In Malaysia, 2 researchers (12,13) described the role of HAdV in causing ARD (12). They analyzed 27 HAdV isolates from patients with ARD who sought consultation and treatment at University of Malaysia Medical Center during 1999–2005. Among the 27 isolates, the following species were represented: 19 (70%) belonged to HAdV-C, 6 (22%) belonged to HAdV-B, and 2 (7%) belonged to HAdV-F. Among the HAdV-B species isolates, 5 had the HAdV-3 serotype and only 1 had the HAdV-7 serotype. An earlier analysis of HAdV isolates in Malaysia (13) revealed that HAdV-21 was associated with acute flaccid paralysis during the outbreak of hand, foot, and mouth disease in Sarawak, but none of the isolates were HAdV-7.
Pneumonia caused by HAdV-7, commonly associated with lower respiratory tract infection, can lead to severe disease and death in some infants and immunocompromised persons (9,14). Outbreaks of pneumonia caused by HAdV-7 have been reported among hospitalized children in South Korea and in the United States (15). This outbreak demonstrated the potential of ARD caused by HAdV-7 to produce illness and death in police and army recruit camps and in institutional settings. HAdV-7 infection also is fatal in children.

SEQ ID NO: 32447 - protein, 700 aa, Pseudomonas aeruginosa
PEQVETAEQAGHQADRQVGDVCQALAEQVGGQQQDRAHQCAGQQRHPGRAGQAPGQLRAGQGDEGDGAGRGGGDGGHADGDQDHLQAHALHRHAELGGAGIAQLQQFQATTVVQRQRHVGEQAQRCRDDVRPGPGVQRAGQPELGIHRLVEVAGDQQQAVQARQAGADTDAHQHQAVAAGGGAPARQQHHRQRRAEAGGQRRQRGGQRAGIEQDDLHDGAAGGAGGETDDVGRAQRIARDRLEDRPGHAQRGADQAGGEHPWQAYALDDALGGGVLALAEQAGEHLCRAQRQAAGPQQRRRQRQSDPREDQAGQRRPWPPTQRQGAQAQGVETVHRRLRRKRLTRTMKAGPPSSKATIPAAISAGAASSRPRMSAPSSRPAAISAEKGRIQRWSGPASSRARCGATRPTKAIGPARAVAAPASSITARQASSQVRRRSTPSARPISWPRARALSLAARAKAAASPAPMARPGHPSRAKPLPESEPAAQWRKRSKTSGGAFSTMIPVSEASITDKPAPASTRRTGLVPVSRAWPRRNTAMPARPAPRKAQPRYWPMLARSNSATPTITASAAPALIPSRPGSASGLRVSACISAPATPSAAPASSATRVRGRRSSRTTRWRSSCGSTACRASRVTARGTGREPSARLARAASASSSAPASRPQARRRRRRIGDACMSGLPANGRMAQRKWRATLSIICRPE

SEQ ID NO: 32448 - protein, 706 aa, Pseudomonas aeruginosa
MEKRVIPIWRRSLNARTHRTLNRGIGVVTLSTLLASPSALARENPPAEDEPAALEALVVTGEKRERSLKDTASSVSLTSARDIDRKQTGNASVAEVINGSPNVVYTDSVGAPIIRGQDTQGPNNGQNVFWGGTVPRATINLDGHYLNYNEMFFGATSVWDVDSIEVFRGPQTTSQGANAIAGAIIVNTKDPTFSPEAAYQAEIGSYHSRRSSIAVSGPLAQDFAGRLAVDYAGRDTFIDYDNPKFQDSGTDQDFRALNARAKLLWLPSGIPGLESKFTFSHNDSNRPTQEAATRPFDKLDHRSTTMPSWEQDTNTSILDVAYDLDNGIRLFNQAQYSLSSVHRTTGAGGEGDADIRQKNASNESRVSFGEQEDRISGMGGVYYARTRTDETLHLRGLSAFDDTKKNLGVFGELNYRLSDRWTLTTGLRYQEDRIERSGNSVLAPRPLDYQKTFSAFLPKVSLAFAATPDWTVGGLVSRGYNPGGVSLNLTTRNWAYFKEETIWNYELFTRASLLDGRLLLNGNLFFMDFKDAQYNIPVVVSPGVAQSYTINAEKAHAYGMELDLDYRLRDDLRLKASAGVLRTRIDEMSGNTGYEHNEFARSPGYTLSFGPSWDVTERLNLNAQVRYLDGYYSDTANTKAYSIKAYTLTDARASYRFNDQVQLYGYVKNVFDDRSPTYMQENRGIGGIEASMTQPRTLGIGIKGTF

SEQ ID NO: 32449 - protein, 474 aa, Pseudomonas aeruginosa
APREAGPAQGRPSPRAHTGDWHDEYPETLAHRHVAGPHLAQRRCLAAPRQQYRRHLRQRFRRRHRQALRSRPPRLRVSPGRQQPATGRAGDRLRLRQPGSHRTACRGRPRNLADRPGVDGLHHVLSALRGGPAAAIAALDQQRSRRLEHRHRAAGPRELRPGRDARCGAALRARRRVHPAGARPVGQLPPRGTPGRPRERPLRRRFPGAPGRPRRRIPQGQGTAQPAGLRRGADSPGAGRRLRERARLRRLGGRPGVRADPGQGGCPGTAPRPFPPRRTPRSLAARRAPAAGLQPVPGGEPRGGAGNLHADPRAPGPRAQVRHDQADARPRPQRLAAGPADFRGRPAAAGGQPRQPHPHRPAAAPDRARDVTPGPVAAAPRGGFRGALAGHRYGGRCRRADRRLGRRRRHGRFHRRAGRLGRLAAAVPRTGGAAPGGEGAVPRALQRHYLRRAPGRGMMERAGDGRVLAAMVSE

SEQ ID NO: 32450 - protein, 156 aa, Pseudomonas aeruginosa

Dr Apandi is a virologist at the Institute for Medical Research, Kuala Lumpur, Malaysia. His primary research interests are epidemiology, surveillance, and outbreak investigation.
We thank the Director General of Health and the Director of the Institute for Medical Research for permission to publish this article. We also thank the staff of the virology unit in the Institute for Medical Research and laboratory staff of Hospital Kuala Lumpur for sending the specimens.
This research project was funded under the virology operational budget 2011.
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Table of Contents – Volume 18, Number 5—May 2012
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Please use the form below to submit correspondence to the authors or contact them at the following address:
Mohd Apandi Yusof, Virology Unit, Infectious Disease Research Centre, Institute for Medical Research, Jalan Pahang, 50588 Kuala Lumpur, Malaysia